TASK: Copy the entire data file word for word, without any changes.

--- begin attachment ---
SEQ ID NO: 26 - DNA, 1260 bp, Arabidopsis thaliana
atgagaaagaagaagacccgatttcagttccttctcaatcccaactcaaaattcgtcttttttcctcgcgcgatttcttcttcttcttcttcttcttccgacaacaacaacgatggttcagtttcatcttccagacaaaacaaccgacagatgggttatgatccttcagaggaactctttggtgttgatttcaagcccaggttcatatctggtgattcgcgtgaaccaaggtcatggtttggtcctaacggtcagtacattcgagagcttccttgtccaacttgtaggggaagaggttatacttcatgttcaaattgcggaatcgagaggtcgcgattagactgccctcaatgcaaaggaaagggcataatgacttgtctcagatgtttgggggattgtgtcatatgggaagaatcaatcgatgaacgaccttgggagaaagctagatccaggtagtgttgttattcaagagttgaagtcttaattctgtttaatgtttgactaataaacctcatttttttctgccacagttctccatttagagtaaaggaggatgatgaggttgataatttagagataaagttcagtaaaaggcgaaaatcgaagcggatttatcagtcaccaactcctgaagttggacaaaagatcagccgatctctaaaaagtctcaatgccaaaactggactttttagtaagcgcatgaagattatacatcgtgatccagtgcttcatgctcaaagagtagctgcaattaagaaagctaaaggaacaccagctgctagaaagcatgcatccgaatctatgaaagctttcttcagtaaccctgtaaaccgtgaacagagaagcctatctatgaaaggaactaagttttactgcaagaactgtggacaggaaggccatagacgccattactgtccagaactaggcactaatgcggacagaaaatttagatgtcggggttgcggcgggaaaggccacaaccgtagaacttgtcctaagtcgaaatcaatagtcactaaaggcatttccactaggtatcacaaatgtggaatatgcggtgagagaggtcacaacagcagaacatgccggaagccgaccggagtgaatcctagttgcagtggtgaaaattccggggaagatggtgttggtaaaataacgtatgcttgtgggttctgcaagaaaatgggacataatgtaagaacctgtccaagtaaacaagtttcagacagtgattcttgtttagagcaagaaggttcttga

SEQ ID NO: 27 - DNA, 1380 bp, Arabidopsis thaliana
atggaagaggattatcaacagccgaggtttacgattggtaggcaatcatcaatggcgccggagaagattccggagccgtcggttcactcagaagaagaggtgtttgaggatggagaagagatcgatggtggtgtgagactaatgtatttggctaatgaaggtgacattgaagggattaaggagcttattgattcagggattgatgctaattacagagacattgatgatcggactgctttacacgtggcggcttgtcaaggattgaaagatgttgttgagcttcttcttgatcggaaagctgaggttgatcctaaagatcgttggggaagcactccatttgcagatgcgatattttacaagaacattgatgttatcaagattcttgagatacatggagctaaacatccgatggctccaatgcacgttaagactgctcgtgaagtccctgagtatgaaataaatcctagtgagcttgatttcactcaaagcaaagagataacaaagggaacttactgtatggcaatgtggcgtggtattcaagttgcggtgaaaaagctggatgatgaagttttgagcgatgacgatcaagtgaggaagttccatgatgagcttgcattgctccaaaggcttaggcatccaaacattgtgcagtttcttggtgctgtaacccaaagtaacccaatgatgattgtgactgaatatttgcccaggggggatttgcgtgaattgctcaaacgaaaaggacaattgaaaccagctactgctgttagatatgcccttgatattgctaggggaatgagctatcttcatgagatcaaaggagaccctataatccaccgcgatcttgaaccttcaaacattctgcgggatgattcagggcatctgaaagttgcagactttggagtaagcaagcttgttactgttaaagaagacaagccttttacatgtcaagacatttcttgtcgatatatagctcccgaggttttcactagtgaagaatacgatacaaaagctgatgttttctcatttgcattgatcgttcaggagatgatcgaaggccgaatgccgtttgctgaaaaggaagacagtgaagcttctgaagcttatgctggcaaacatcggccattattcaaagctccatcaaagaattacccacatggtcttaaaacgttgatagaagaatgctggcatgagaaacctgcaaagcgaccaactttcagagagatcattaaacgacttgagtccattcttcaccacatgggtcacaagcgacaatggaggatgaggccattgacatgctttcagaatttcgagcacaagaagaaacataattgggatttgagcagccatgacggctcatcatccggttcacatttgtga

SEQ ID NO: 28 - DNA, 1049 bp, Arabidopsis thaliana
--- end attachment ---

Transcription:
SEQ ID NO: 26 - DNA, 1260 bp, Arabidopsis thaliana
atgagaaagaagaagacccgatttcagttccttctcaatcccaactcaaaattcgtcttttttcctcgcgcgatttcttcttcttcttcttcttcttccgacaacaacaacgatggttcagtttcatcttccagacaaaacaaccgacagatgggttatgatccttcagaggaactctttggtgttgatttcaagcccaggttcatatctggtgattcgcgtgaaccaaggtcatggtttggtcctaacggtcagtacattcgagagcttccttgtccaacttgtaggggaagaggttatacttcatgttcaaattgcggaatcgagaggtcgcgattagactgccctcaatgcaaaggaaagggcataatgacttgtctcagatgtttgggggattgtgtcatatgggaagaatcaatcgatgaacgaccttgggagaaagctagatccaggtagtgttgttattcaagagttgaagtcttaattctgtttaatgtttgactaataaacctcatttttttctgccacagttctccatttagagtaaaggaggatgatgaggttgataatttagagataaagttcagtaaaaggcgaaaatcgaagcggatttatcagtcaccaactcctgaagttggacaaaagatcagccgatctctaaaaagtctcaatgccaaaactggactttttagtaagcgcatgaagattatacatcgtgatccagtgcttcatgctcaaagagtagctgcaattaagaaagctaaaggaacaccagctgctagaaagcatgcatccgaatctatgaaagctttcttcagtaaccctgtaaaccgtgaacagagaagcctatctatgaaaggaactaagttttactgcaagaactgtggacaggaaggccatagacgccattactgtccagaactaggcactaatgcggacagaaaatttagatgtcggggttgcggcgggaaaggccacaaccgtagaacttgtcctaagtcgaaatcaatagtcactaaaggcatttccactaggtatcacaaatgtggaatatgcggtgagagaggtcacaacagcagaacatgccggaagccgaccggagtgaatcctagttgcagtggtgaaaattccggggaagatggtgttggtaaaataacgtatgcttgtgggttctgcaagaaaatgggacataatgtaagaacctgtccaagtaaacaagtttcagacagtgattcttgtttagagcaagaaggttcttga

SEQ ID NO: 27 - DNA, 1380 bp, Arabidopsis thaliana
atggaagaggattatcaacagccgaggtttacgattggtaggcaatcatcaatggcgccggagaagattccggagccgtcggttcactcagaagaagaggtgtttgaggatggagaagagatcgatggtggtgtgagactaatgtatttggctaatgaaggtgacattgaagggattaaggagcttattgattcagggattgatgctaattacagagacattgatgatcggactgctttacacgtggcggcttgtcaaggattgaaagatgttgttgagcttcttcttgatcggaaagctgaggttgatcctaaagatcgttggggaagcactccatttgcagatgcgatattttacaagaacattgatgttatcaagattcttgagatacatggagctaaacatccgatggctccaatgcacgttaagactgctcgtgaagtccctgagtatgaaataaatcctagtgagcttgatttcactcaaagcaaagagataacaaagggaacttactgtatggcaatgtggcgtggtattcaagttgcggtgaaaaagctggatgatgaagttttgagcgatgacgatcaagtgaggaagttccatgatgagcttgcattgctccaaaggcttaggcatccaaacattgtgcagtttcttggtgctgtaacccaaagtaacccaatgatgattgtgactgaatatttgcccaggggggatttgcgtgaattgctcaaacgaaaaggacaattgaaaccagctactgctgttagatatgcccttgatattgctaggggaatgagctatcttcatgagatcaaaggagaccctataatccaccgcgatcttgaaccttcaaacattctgcgggatgattcagggcatctgaaagttgcagactttggagtaagcaagcttgttactgttaaagaagacaagccttttacatgtcaagacatttcttgtcgatatatagctcccgaggttttcactagtgaagaatacgatacaaaagctgatgttttctcatttgcattgatcgttcaggagatgatcgaaggccgaatgccgtttgctgaaaaggaagacagtgaagcttctgaagcttatgctggcaaacatcggccattattcaaagctccatcaaagaattacccacatggtcttaaaacgttgatagaagaatgctggcatgagaaacctgcaaagcgaccaactttcagagagatcattaaacgacttgagtccattcttcaccacatgggtcacaagcgacaatggaggatgaggccattgacatgctttcagaatttcgagcacaagaagaaacataattgggatttgagcagccatgacggctcatcatccggttcacatttgtga

SEQ ID NO: 28 - DNA, 1049 bp, Arabidopsis thaliana